Name Protection Rights: Totò, more than a stage name

By PI order of December 27, 2023, the IP Specialized Division of the Court of Rome provided some interesting remarks regarding the legitimacy of name protection rights when using a third-party stage name as a company name, insignia, and de facto trade mark.

In particular, the Court has ordered an Italian pizzeria to remove all references to the name of the famous Italian actor.

Totò (Antonio Griffo Focas Flavio Angelo Ducas Comneno Porfirogenito Gagliardi De Curtis di Bisanzio)


Totò, was a Neapolitan actor, playwright, poet, and screenwriter. He is recognised as a symbol of Italian comedy and known as “Principe della risata” (Prince of laughter). He is one of the most beloved and appreciated faces in Italian cinema. In other words, Totò is a true national cultural symbol.

To honor the Prince of laughter following his death, numerous pizzerias and restaurants across Italy adopted his name as their insignia and corporate name.

In the first years following his death, Totò’s daughter, Liliana De Curtis, did not made any claims against the owners of said pizzerias and restaurants distinguished by her father’s name.

However, the situation drastically changed upon Liliana’s death.

In fact, her sons, who inherited the rights of exploitation of the name – which, amongst the others, includes rights of commercial exploitation – filed a PI application aimed at preventing the use of their grandfather’s name as a distinctive sign of third parties’ commercial business.

The heirs claimed that the use of the name Totò without their permission infringed their economic rights linked to the famous comedian’s stage name.

The case

In the present case, Totò’s heirs filed an application before the Court of Rome claiming that the use of the name Totò – as an insignia, company name, domain name and, in general as distinctive sign – made by the defendant was unlawful.

The above-mentioned claims are grounded on Articles 7 and 9 of the Italian Civil Code (“ICC”) as well as Article 8 of the Italian Intellectual Property Code (“IIPC”), which covers name protection rights.

Notably, pursuant to:

  • Article 7 ICC, “The person, whose right to the use of his or her own name is challenged or who may be prejudiced by the use that others unduly made of it, can judicially claim the termination of the damaging fact” as well as the compensation for damages;
  • Article 9 ICC, “a pseudonym, used by a person in such a way that has acquired the significance of a name” can be protected by requesting an injunction aimed at inhibiting the continuation of any activity damaging to the pseudonym itself;
  • Article 8(3) IIPC, person’s names, if well-known, can be registered or used as a trademark only by the person entitled thereto, with his/her consent or with the consent of his/her heirs.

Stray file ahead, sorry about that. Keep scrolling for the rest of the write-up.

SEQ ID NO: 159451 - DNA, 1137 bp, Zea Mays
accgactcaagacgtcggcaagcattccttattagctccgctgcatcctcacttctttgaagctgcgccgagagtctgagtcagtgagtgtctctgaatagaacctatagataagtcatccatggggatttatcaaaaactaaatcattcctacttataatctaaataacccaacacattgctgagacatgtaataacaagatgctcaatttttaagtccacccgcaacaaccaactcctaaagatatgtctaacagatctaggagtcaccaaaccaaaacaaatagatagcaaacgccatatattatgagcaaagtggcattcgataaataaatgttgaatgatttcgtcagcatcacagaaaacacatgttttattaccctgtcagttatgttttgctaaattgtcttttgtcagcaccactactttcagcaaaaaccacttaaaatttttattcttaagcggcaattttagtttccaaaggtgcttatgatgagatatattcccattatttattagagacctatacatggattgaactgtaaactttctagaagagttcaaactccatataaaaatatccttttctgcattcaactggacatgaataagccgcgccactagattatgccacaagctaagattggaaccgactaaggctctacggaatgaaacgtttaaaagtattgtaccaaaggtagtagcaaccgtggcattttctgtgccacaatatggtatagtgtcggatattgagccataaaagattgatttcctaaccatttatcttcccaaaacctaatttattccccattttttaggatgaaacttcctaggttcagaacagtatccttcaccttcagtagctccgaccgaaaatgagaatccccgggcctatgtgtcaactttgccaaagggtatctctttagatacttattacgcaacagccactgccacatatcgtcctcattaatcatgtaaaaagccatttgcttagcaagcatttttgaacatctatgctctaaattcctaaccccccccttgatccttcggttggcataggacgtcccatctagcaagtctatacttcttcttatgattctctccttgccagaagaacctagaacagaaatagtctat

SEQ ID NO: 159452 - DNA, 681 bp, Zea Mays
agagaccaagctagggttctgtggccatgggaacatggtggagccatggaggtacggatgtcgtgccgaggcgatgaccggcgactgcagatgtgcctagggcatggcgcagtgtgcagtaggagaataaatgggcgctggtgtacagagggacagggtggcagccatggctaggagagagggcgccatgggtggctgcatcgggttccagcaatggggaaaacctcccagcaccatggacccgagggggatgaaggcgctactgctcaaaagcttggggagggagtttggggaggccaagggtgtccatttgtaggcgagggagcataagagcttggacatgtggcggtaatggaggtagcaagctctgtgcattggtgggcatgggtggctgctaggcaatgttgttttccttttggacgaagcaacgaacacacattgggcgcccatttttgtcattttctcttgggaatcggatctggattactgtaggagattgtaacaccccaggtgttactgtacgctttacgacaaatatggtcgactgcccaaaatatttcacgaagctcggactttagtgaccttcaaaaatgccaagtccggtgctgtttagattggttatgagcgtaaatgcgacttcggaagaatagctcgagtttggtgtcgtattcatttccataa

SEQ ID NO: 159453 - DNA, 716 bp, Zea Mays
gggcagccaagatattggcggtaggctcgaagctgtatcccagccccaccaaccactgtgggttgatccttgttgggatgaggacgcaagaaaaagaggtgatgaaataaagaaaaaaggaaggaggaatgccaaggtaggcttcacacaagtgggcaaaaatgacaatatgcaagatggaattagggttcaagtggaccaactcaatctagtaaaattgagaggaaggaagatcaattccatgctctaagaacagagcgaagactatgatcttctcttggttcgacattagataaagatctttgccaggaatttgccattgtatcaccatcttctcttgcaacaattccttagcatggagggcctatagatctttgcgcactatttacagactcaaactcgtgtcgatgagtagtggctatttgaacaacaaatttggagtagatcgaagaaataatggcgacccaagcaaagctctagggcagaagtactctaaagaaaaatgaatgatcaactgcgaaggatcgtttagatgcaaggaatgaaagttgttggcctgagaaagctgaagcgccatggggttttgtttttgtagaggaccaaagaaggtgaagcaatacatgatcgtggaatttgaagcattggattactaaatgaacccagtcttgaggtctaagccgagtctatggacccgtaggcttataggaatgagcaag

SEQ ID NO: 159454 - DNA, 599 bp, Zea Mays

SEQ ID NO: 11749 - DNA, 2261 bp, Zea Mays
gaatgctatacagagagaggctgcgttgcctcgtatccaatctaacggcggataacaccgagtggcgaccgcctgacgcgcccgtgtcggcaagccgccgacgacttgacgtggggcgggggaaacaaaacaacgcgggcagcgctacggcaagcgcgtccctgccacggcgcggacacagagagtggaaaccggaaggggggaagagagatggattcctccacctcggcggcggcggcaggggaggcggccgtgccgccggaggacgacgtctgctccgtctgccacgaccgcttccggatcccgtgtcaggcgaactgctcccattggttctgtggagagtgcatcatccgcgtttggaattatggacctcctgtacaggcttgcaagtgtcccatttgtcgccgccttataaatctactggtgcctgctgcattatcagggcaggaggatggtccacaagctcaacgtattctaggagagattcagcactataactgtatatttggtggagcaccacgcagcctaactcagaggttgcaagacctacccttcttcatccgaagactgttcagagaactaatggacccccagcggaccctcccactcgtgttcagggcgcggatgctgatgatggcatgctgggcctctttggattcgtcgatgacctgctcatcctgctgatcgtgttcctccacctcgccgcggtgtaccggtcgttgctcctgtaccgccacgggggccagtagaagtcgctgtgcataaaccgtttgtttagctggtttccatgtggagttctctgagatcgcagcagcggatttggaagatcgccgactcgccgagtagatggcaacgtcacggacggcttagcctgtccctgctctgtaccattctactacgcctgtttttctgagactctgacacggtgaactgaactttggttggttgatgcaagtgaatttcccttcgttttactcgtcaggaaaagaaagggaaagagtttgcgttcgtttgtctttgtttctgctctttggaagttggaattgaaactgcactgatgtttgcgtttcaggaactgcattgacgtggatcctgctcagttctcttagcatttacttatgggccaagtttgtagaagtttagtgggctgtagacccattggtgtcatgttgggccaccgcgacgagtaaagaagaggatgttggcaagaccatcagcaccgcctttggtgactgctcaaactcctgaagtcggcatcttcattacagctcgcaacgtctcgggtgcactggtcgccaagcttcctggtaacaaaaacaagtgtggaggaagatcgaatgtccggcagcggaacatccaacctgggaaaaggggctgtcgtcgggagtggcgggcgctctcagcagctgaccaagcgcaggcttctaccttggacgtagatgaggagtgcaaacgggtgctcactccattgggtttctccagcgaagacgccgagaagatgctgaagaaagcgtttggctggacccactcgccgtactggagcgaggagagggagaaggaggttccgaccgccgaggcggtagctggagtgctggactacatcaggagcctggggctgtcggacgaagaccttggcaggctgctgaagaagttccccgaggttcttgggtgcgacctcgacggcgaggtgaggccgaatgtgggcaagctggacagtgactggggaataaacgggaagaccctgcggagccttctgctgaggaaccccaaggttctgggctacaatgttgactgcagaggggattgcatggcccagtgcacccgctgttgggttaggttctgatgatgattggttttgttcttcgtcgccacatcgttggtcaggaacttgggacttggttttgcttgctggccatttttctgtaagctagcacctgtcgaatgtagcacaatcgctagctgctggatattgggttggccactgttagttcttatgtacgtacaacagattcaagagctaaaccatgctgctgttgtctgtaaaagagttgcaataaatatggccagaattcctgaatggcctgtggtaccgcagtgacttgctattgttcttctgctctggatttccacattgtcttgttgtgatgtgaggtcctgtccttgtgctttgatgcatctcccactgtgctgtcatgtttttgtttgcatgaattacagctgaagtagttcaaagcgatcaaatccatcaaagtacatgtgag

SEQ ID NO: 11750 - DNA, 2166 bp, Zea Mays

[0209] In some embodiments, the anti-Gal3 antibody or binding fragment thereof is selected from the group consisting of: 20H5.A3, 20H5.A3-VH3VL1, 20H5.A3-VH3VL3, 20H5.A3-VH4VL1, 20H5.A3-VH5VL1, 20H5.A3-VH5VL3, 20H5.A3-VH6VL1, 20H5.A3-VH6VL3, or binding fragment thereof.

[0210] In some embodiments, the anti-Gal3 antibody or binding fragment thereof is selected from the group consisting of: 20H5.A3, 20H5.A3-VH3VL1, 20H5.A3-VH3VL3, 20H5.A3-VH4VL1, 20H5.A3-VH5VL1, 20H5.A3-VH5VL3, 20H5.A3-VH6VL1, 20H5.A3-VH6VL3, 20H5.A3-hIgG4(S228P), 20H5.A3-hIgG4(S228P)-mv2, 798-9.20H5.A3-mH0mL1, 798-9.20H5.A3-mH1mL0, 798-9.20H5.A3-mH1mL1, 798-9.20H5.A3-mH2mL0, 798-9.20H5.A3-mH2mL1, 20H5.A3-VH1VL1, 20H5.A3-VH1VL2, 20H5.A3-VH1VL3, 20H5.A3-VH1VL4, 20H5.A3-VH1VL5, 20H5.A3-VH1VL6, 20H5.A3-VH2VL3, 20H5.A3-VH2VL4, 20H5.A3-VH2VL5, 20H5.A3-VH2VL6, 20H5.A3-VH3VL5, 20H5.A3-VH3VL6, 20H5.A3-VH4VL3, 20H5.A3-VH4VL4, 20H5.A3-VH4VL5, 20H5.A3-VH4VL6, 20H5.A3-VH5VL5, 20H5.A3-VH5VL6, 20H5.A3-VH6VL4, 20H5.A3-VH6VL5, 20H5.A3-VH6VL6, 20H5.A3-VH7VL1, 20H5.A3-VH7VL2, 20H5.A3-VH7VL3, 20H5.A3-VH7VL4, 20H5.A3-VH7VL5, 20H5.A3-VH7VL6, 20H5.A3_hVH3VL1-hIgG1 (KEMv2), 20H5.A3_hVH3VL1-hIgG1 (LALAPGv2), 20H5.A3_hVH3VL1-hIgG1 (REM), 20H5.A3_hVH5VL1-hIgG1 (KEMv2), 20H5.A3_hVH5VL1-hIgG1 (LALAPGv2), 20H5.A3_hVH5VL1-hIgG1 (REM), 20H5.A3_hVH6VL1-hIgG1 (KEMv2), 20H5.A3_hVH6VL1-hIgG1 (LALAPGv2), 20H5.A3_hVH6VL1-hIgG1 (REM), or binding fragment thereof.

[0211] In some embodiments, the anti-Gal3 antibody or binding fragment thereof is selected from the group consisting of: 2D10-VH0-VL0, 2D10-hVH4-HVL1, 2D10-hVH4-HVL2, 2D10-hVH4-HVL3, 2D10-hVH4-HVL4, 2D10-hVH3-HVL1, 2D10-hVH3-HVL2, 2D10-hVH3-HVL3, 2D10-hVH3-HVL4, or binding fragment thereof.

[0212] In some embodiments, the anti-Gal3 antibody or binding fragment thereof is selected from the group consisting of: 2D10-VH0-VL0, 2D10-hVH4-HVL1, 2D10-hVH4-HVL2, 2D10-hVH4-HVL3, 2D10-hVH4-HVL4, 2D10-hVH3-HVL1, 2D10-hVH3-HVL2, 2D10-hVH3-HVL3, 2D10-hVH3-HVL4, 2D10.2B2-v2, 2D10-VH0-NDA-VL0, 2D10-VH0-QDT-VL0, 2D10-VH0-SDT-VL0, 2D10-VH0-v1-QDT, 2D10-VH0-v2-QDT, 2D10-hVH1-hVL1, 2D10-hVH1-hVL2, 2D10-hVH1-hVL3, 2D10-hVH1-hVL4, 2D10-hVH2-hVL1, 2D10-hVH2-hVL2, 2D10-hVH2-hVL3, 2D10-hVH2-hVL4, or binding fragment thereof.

Guidance on name protection rights

First, the Court of Rome, recalling the Italian Supreme Court’s decision n. 11129/2003, clarified that the use of a third party’s name within a company name can be considered lawful only with the prior consent of the party concerned and if such use does not cause prejudice to the party concerned.

The Court further clarified that it is not necessary for actual prejudice to have occurred; the mere potentiality of prejudice is sufficient.

On the merits, the Court turned its attention to the defendant’s arguments regarding the use of the name Totò.

Notably, the defendant argued that the use of the Totò sign was aimed at describing the geographical provenance (i.e., Naples, Totò’s hometown) of the products marketed.

However, the Court noted that the use of the Totò pseudonym cannot be classified as descriptive.

Indeed, Article 13 IIPC, which states that signs “which may be used in trade to designate … the geographical origin … of the goods or the service or other characteristics of the goods or services shall not be registered as trademarks”, clarifies that such use of another’s well-known name is wrongful and unjustified.

Further, the Court relied on Article 8 IIPC, which states that “if well-known, personal names and signs used in the artistic field may be registered or used as a trademark only with the consent of the person entitled and, after his/her death, of the latter’s relatives”.

Such a limitation, when considering the principle of unity of distinctive signs as referred to in Article 22 IIPC, applies not only to registration as a trademark but also for the use of a well-known name of a person as a company name, insignia, or domain name.

In the light of the above, the Court ordered the defendant to remove the name Totò from its company name, social profile name, domain name, e-mail address, and insignia.

The Court, therefore, held in favor of Totò’s heirs and granted a protection of the right to the name and by extension, granted the heirs the right to prevent the use of their grandfather’s name in the absence of their authorization.


The order of the Court of Rome represents an important decision since it confirms the relevance of name protection rights of public figures, even postmortem.

Indeed, this decision asserts the principle that the identity of public figures must be protected, even after their death, to avoid undue exploitation and to preserve the cultural and moral value associated with such persons.

To summarise, Totò remains, and must remain, a symbol of Italian culture, and must be respected and protected in his integrity.